Annecy 2022 – Buzz Lightyear: “In our heads, this film was released 30 years ago in Andy’s world”

Since the Annecy festival, director Angus MacLane talks about the possibility that Disney and Pixar exist in the Toy Story universe and the similarities between his film and Top Gun: Maverick.

Funny movie derived from the franchise Toy Story, Buzz Lightning is supposed to be Andy’s character’s favorite movie. So we meet the first incarnation of the Space Ranger, who has since inspired the toy known to all. After being stranded with his commander and his crew on a hostile planet located 4.2 million light years from Earth, Buzz Lightyear tries to bring everyone home safe and sound. For this, he can count on the support of a group of ambitious young recruits and on his adorable robot cat, Sox. But the arrival of the terrible Zurg and his army of ruthless robots will not make their task any easier, especially since the latter has a very specific plan in mind… Meeting at the Annecy festival with the director Angus MacLane, who had traveled from San Francisco to defend his film.

Okay, let’s get something straight: Buzz Lightning is the movie Andy was a fan of when he was little, OK. If we follow this logic, we must also take literally the card that says “A Disney/Pixar film”, as well as all the end credits. It’s very meta, but it means that Disney and Pixar exist in the universe of Toy Story ?

We don’t stop being asked the question. Yes, Disney and Pixar are believed to exist in Andy’s world. So technically, I’m a Disney character myself. I know, it’s confusing, even from a legal point of view by the way (Laughter.)

We feel that it was complicated to explain to the public what the film is. Moreover, marketing has become much more precise in recent days.

Yeah, we struggled a bit to communicate what the movie is really about, because frankly, it’s still a bit of a weird concept. The easiest way to sum it all up is that it’s Andy’s favorite movie and Buzz Lightyear is in it. In our minds, this movie was released 30 years ago in Andy’s world, but we didn’t want to play the purists and limit ourselves in terms of special effects or write characters in the old fashioned way. It was mostly an excuse to make an action-adventure movie with Buzz Lightyear. A fun story that takes place in space.

Curiously enough, and it’s a pure coincidence of course, but Buzz Lightning made me think a lot about Top Gun: Maverick in its first part, both visually and thematically. The two films seem to dialogue.

Yes yes, we were greatly influenced by Top Gun: Maverickeverything is based on that (Laughs.) I’m kidding of course, we hadn’t seen it but it’s true that it’s fun, these similarities. Well, after that, I think it’s mainly linked to the fact that there aren’t 36 ways to film a guy in a cockpit.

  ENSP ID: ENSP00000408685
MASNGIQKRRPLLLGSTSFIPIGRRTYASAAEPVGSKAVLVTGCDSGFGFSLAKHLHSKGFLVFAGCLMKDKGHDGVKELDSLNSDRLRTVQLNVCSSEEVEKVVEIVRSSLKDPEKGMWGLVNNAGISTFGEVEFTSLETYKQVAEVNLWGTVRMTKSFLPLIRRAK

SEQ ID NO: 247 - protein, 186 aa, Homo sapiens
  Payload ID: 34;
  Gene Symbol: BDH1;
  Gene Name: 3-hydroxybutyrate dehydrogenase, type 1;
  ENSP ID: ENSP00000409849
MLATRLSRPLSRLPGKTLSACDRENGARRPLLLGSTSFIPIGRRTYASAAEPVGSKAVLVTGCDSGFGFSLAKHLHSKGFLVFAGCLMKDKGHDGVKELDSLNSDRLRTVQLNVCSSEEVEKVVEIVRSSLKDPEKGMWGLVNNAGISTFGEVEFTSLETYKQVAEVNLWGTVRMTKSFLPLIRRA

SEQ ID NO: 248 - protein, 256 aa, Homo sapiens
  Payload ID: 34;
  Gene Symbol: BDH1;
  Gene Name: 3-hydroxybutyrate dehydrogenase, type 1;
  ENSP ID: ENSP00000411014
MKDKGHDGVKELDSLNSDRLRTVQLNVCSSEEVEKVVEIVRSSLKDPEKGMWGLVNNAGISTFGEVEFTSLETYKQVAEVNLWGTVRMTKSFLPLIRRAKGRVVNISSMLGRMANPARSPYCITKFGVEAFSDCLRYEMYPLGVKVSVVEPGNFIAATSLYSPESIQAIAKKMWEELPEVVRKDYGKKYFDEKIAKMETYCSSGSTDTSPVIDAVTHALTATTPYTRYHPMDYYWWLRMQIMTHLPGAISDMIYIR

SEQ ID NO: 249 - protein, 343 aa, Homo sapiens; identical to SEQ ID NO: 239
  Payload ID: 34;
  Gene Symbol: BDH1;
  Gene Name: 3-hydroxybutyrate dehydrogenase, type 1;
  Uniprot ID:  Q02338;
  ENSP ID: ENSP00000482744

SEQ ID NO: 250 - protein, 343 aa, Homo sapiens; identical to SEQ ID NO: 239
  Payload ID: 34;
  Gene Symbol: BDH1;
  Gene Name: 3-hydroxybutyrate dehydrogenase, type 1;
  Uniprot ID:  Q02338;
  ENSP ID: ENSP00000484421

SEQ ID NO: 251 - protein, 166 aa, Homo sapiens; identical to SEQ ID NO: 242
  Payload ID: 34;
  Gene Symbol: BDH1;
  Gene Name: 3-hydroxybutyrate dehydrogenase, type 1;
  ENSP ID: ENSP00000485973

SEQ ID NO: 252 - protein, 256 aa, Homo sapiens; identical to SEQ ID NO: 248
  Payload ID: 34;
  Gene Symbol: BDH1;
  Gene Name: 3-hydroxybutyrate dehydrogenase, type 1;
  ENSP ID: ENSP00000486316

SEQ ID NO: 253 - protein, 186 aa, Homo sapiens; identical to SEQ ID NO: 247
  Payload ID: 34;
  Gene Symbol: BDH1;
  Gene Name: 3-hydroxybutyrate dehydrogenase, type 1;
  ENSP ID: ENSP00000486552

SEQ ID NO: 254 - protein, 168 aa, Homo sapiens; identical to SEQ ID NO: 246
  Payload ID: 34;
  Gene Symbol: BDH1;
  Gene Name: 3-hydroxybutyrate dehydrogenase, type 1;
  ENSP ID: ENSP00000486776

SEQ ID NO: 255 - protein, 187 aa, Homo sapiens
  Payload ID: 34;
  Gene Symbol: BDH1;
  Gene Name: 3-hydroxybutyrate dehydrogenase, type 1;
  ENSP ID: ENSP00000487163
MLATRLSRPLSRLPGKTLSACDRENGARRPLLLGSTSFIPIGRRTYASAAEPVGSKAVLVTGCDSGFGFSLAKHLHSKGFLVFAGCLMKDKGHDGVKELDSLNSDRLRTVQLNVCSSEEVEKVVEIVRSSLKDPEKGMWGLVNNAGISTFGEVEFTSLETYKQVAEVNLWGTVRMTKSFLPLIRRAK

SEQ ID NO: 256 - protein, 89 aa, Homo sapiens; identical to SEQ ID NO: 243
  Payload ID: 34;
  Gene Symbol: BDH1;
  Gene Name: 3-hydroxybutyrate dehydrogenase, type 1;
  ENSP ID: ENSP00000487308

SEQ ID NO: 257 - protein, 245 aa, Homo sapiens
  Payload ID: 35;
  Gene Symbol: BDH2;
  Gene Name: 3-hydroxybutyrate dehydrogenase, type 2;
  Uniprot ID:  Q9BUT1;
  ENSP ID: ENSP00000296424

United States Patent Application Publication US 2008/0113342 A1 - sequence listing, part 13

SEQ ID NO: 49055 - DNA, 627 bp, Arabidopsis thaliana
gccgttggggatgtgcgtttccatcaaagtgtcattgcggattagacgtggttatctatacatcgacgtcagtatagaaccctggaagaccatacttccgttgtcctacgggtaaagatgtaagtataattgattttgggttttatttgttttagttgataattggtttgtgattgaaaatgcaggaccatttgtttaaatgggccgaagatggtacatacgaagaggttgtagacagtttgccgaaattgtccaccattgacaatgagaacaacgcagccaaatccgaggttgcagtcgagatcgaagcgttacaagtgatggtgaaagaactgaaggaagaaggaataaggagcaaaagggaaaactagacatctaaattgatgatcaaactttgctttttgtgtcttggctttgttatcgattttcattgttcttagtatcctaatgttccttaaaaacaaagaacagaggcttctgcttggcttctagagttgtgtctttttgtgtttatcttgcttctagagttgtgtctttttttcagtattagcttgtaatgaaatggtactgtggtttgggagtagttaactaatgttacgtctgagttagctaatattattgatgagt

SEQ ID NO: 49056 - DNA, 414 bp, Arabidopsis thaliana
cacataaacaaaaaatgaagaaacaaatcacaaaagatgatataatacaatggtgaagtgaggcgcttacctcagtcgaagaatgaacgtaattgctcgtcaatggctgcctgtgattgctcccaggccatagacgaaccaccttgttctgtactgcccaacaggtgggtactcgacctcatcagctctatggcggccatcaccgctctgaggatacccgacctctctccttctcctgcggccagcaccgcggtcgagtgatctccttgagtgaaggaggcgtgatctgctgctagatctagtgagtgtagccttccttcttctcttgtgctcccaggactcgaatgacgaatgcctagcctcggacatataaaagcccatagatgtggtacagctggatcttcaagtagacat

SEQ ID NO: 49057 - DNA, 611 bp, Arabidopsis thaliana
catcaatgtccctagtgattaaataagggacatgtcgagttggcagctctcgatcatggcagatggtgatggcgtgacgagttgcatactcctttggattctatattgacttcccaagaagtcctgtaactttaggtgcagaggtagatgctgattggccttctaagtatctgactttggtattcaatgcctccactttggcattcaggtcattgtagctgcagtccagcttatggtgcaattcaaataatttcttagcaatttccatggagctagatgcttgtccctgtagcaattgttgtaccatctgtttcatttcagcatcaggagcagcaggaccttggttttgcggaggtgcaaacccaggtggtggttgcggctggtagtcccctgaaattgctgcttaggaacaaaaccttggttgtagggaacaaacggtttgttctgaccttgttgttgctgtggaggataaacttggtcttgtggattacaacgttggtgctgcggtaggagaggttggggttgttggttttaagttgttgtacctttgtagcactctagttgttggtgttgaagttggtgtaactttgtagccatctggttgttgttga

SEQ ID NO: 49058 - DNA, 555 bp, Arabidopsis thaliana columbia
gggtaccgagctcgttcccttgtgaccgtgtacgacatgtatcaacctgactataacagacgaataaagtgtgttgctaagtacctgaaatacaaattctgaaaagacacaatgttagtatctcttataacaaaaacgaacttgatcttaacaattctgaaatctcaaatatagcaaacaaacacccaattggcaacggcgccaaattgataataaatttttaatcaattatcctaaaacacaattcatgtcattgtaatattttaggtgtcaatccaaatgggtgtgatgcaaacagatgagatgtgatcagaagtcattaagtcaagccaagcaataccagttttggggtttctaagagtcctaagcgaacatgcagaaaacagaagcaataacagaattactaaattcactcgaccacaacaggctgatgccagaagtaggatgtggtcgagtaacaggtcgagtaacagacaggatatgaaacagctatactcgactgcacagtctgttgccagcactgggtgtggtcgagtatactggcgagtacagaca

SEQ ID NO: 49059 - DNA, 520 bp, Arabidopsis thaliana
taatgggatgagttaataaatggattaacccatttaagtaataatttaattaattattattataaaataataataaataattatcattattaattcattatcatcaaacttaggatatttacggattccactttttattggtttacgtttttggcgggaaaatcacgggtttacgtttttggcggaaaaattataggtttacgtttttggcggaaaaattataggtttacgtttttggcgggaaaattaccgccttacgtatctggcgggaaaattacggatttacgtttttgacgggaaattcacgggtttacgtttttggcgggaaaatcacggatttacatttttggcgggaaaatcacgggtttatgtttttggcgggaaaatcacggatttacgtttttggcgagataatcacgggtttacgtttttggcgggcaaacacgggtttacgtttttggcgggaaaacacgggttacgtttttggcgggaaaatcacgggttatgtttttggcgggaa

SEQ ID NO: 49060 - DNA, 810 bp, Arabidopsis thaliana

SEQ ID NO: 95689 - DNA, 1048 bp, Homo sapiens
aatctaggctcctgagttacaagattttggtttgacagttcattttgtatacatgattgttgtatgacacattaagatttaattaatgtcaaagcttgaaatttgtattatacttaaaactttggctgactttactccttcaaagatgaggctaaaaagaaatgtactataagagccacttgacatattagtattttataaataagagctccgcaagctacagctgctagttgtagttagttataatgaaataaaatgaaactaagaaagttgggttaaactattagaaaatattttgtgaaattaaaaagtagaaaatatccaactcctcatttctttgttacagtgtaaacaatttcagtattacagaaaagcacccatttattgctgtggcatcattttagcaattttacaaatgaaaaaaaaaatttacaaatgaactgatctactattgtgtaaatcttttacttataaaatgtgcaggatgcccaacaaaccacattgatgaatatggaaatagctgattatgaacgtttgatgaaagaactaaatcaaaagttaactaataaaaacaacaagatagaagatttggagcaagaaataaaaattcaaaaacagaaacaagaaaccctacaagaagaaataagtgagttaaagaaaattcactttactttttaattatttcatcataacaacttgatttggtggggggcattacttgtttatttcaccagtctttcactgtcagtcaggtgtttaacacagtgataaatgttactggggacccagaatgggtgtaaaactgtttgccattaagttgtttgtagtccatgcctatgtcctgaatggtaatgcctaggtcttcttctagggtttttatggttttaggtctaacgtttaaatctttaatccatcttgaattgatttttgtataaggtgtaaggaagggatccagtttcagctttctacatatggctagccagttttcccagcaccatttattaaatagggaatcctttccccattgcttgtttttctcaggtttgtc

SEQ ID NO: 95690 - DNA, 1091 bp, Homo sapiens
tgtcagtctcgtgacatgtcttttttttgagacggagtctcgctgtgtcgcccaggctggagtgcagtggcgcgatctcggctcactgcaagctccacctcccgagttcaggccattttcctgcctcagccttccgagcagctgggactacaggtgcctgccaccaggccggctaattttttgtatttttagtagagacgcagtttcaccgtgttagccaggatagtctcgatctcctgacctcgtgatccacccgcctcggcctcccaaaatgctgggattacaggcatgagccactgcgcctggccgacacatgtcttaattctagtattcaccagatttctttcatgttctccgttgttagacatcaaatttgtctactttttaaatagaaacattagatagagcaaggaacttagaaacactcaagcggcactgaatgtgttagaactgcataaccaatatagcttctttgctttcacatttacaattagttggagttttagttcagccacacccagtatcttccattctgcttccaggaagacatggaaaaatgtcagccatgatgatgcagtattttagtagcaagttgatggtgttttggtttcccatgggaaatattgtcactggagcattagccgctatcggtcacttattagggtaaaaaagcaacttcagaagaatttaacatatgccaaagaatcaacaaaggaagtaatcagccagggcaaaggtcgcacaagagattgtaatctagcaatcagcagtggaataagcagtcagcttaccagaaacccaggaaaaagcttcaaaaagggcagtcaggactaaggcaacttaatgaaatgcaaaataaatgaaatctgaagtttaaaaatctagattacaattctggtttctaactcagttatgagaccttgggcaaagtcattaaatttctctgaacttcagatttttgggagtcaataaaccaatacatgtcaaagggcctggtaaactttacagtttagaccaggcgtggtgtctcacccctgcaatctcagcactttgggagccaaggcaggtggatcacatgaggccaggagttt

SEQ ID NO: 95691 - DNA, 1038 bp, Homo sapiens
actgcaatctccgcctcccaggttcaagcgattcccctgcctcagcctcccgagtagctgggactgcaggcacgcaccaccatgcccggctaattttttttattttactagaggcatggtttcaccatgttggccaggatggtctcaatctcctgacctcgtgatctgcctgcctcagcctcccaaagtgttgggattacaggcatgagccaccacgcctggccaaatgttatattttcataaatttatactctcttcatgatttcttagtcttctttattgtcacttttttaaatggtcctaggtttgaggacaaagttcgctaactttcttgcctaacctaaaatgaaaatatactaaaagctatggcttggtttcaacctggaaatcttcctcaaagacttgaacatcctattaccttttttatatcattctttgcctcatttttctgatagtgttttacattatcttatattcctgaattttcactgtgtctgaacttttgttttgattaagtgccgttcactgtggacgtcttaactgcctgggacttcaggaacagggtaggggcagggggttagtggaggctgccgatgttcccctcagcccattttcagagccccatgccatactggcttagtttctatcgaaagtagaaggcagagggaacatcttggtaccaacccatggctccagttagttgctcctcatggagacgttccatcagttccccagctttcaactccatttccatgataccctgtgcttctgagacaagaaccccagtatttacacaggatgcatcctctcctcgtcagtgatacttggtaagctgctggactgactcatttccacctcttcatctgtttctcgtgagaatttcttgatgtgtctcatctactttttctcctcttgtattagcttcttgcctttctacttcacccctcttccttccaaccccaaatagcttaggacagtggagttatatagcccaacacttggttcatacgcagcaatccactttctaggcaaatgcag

Buzz Lightyear: Light Years From Toy Story [critique]

From a pure character design point of view, how complicated was it to humanize a toy without getting too far away from the Buzz that everyone knows?

Frankly, it was very funny. We actually did the work backwards: we started with a toy and we had to try to imagine what it would be like in the real world. Well, not quite the real world: Andy’s world. We started with Buzz, of course, and once we found his look – we humanized him just enough – then everything else followed: the other humans, his suit, the spaceships… It all started from Buzz’s face.

Every Pixar film is supposed to tell in subtext something about the studio, its evolution or its current state.

Yes quite.

And there, I admit that even while breaking my head, I have trouble finding the message…

The concept of time dilation is a thinly veiled metaphor for the production process at Pixar: during each mission – therefore each film – we are at full throttle, and when we finally raise our heads from our computers, we realize that everyone got a little old. It’s a little joke about how we see our lives. And besides, in animation, we’re like Buzz, we think about the future all the time, but also about what we did wrong in the past and which impacts our present… So I don’t know if Buzz Lightning says a lot about Pixar as a company, but it does say a lot about what it feels like to work on a Pixar movie. And then frankly, Pixar is a totally abstract concept at the moment, since almost all of us are still working remotely because of the Covid. It’s very weird.

Buzz Lightyear, June 22 at the cinema.

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